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EUROVISION

Sweden’s Eurovision trials cancel live tour amid rising Covid numbers

Swedish television's flagship programme, Melodifestivalen, will not tour the country in 2022.

Sweden's Eurovision trials cancel live tour amid rising Covid numbers
Melodifestivalen in pre-pandemic times. Photo: Jonas Ekströmer/TT

In a statement, Swedish public broadcaster SVT commented that the high spread of infection currently meant it “would not be defensible to travel the country with a large team”.

The TV spectacle was set to fill arenas in Gothenburg, Malmö, Linköping, Lidköping and Örnsköldsvik en route to the final in Friends Arena.

Instead the show will stay in Stockholm for its six-week duration, as 28 artists compete to represent Sweden in the 2022 Eurovision Song Contest. 

The venue in Stockholm is yet to be confirmed, with SVT looking at solutions that may allow a small audience. Under current regulations a maximum capacity of 500 people would apply. 

“The situation is how it is just now and we will do our best with the situation,” said Hanna Stjärne, CEO of SVT. “Melodifestivalen is a party for all of Sweden and we will do all we can to create an exciting TV show that spreads warmth and happiness when it is most needed.”

The first heat of Melodifestivalen’s six weeks of programming will be broadcast on SVT 1 at 8pm on Saturday, February 5th. 

In the weeks after Christmas, Sweden has seen record-high numbers of new Covid infections, with more than 25,000 daily cases confirmed on both Wednesday and Thursday this week. This prompted authorities to roll out a series of new restrictions and recommendations this week, including early closings for bars and restaurants, capping public events to 500 people, and urging adults to limit their close contacts.

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EUROVISION

VIDEO: Three times Sweden poked fun at Eurovision

With Sweden one of the favourites to win Eurovision this year, let's take a look at the times when the country showed up the sheer ridiculousness of the song contest.

VIDEO: Three times Sweden poked fun at Eurovision

Eurovision is often known for eyebrow-raising entries featuring bizarre local traditions or, frankly, eccentric outfits. Although Sweden takes the contest seriously when it comes to its song entries, that doesn’t mean Swedes don’t sometimes celebrate the weirdness of Eurovision.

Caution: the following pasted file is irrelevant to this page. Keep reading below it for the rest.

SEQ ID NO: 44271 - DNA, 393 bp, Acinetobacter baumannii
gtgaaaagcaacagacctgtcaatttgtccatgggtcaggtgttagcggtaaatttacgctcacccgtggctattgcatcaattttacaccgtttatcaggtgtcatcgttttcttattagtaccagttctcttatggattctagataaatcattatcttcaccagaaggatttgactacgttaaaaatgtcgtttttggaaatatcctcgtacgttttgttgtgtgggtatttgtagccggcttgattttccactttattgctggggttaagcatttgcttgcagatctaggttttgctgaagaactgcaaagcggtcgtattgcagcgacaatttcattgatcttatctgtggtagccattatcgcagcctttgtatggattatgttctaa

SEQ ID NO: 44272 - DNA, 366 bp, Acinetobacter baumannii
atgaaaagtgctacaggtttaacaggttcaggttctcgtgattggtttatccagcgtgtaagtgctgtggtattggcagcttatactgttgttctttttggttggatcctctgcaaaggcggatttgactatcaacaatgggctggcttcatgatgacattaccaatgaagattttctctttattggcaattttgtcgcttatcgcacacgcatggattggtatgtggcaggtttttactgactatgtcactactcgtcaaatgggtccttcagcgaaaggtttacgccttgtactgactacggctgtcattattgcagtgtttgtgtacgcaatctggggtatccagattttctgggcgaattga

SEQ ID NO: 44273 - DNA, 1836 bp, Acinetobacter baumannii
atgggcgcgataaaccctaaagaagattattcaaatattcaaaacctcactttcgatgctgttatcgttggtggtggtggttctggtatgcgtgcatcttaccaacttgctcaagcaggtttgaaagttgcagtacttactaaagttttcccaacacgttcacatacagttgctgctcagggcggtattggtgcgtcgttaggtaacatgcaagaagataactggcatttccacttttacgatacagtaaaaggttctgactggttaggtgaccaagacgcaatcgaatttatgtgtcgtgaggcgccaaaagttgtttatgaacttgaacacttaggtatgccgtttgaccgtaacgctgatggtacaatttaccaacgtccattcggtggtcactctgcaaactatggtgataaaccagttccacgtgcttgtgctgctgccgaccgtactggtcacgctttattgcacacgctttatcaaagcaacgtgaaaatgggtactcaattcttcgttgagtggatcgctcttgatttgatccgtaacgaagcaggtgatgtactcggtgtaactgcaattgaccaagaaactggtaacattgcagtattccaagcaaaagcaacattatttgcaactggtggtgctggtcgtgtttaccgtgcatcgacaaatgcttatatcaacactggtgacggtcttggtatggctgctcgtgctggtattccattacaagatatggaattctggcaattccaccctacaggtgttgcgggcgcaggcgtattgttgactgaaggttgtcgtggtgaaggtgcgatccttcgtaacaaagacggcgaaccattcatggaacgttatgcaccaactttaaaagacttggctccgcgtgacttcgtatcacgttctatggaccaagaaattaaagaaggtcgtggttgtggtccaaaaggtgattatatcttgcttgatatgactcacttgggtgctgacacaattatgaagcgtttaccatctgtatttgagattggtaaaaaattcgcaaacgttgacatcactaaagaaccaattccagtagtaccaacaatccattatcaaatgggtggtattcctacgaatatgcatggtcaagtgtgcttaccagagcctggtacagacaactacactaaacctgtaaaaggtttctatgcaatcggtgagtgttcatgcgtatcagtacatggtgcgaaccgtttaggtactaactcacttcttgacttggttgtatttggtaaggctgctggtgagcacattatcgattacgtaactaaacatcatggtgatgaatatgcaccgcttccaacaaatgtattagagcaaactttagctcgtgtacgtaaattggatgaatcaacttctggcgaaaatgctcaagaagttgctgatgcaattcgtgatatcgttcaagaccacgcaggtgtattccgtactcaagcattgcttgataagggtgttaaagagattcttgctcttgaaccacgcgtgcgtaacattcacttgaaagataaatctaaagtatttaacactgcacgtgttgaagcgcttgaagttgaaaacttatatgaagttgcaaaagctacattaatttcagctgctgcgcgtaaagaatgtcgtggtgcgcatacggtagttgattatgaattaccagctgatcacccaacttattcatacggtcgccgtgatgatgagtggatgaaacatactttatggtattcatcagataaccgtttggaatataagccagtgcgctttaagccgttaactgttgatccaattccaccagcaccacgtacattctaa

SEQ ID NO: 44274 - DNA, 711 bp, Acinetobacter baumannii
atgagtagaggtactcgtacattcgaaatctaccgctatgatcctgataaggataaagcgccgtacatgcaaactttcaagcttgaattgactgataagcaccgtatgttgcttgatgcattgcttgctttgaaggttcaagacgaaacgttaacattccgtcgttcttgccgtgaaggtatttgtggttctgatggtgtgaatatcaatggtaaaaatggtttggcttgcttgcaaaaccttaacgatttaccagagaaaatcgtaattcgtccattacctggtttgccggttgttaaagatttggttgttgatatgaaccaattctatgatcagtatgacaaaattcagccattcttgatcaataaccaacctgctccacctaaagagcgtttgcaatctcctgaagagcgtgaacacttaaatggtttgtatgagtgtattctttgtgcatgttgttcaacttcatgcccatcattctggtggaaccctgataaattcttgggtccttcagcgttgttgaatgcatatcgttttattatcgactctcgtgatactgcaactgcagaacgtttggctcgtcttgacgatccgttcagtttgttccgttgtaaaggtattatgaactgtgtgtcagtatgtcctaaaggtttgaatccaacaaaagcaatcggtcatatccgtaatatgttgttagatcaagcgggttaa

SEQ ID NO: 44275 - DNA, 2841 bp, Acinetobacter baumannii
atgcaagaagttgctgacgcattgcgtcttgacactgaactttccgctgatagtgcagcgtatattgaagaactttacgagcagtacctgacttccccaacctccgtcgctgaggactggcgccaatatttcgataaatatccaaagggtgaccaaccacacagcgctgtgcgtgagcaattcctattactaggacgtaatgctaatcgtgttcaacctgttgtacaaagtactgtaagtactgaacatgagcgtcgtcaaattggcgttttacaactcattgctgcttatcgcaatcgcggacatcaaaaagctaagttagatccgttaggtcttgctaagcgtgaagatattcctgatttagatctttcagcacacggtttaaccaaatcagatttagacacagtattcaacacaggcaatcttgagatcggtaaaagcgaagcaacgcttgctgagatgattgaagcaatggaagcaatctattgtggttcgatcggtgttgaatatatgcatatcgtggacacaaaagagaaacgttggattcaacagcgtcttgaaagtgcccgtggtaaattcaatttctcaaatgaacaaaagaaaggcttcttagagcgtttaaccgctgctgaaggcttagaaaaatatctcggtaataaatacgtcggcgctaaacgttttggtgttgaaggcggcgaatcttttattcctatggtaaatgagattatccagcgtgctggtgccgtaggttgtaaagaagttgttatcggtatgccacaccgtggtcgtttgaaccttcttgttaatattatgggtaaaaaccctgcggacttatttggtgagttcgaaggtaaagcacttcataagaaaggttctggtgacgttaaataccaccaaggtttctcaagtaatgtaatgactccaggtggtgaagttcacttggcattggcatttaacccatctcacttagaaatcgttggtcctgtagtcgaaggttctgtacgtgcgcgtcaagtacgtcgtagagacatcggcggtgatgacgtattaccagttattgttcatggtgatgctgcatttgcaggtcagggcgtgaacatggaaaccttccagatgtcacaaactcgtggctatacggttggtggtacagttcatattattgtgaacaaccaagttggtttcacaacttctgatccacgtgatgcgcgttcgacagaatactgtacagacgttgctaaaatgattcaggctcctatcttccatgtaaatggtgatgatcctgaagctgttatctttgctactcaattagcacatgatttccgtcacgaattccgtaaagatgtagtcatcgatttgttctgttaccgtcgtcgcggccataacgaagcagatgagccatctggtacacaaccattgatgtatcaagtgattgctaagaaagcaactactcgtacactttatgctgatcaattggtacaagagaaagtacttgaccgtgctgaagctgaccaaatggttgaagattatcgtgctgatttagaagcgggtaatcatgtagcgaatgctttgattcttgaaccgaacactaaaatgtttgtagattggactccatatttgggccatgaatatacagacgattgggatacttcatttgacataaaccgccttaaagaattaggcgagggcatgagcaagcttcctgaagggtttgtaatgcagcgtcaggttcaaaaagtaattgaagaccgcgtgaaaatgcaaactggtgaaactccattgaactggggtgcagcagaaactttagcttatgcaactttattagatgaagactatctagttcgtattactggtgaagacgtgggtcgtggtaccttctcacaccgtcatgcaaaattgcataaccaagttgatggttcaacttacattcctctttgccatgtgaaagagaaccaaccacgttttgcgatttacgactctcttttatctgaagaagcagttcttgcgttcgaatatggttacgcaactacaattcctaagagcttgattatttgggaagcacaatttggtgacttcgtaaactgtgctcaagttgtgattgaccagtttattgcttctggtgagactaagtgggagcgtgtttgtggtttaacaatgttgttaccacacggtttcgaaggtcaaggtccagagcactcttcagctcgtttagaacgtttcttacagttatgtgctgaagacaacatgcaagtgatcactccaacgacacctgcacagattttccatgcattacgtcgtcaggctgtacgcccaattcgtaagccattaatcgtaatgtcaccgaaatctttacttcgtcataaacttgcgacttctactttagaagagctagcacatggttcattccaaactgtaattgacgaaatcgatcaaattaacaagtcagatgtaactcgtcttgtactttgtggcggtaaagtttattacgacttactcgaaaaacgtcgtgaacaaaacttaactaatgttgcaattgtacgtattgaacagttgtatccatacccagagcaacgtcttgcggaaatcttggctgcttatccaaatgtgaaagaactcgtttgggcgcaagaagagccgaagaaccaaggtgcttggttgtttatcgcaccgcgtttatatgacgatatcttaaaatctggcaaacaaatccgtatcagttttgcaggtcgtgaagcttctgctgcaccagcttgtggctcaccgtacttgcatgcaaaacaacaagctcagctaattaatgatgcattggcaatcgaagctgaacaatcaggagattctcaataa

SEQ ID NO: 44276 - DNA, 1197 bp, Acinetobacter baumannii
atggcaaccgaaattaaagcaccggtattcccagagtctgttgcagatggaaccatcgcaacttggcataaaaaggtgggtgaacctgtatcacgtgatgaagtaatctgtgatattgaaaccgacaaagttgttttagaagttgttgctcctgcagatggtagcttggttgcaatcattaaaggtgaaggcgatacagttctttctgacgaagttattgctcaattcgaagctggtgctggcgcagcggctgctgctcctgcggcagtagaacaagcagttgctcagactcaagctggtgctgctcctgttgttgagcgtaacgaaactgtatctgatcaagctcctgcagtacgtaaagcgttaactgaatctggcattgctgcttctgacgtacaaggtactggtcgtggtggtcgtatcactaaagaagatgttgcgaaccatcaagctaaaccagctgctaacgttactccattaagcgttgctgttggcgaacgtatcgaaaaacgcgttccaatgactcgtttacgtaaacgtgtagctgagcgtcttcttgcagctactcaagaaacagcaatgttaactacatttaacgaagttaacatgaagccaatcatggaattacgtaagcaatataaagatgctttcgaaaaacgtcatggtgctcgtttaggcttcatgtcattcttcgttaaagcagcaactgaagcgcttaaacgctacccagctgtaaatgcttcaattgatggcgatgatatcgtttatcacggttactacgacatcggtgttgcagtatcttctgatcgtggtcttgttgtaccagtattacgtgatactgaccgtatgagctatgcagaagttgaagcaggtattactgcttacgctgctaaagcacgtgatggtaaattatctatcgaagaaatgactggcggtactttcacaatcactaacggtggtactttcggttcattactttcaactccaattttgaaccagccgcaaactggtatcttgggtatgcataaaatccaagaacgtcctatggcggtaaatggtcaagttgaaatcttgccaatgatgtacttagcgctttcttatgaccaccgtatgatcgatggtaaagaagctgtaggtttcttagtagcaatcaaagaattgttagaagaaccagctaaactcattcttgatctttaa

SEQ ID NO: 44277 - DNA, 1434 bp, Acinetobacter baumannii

Love Love Peace Peace

Who could forget Måns Zelmerlöv and Petra Mede’s run as Eurovision presenters in Stockholm in 2016? Zelmerlöw, who won the contest the year before in Vienna, was joined by comedian Mede, who had presented the contest in Malmö three years earlier.

The two performed a sketch titled, “Love Love Peace Peace”, an attempt to make the perfect winning Eurovision song. The clip features former winners Lordi who won for Finland in 2006, and Alexander Rybak, the Norwegian violinist who won for Norway in 2009.

Watch the clip below and see how many references to previous Eurovision entries you can recognise.

 

Tingeliin

In this bizarre clip from Sweden’s Eurovision Song Contest qualifiers Melodifestivalen in 2009, Swedish comedy group Grotesco perform a mid-show sketch full of Russian stereotypes, including Cossack dancers, matryoshka stacking dolls, and a chorus of men dressed like Russian soldiers. The choreography also featured several scantily clad women wearing tight-fitting shorts with a single red star splaying their legs toward the camera in unison.

The clip caused controversy in Russia, after The Local reached out to Russia’s embassy in Stockholm for a comment – a spokesperson called the song “offensive” and “disconnected”, and condemned the sketch in an official statement:

“We do not react to eccentricity by some lunatics whose Russophobia should place them in an asylum rather than on Globen’s stage.”

See the clip for yourself here:

 

Lill Lindfors and her wardrobe malfunction

Lill Lindfors, a Finnish-Swedish singer and comedian, presented the 1985 Eurovision Song Contest in Gothenburg following Sweden’s win the previous year in Luxembourg.

Prior to hosting Eurovision in 1985, she had placed second in the 1966 contest with the song “Nygammal vals”.

In a clip which reportedly displeased the European Broadcasting Union who manage the contest, the bottom half of Lindfors’ dress was ripped off by a piece of set, exposing her underwear.

Lindfors paused, feigning shock, before quickly pulling a new dress down from the remaining top half of her outfit.

You can watch the iconic moment here (narrated by Terry Wogan, the BBC’s Eurovision commentator for many years) and decide for yourself whether it was meant to happen or not:

 

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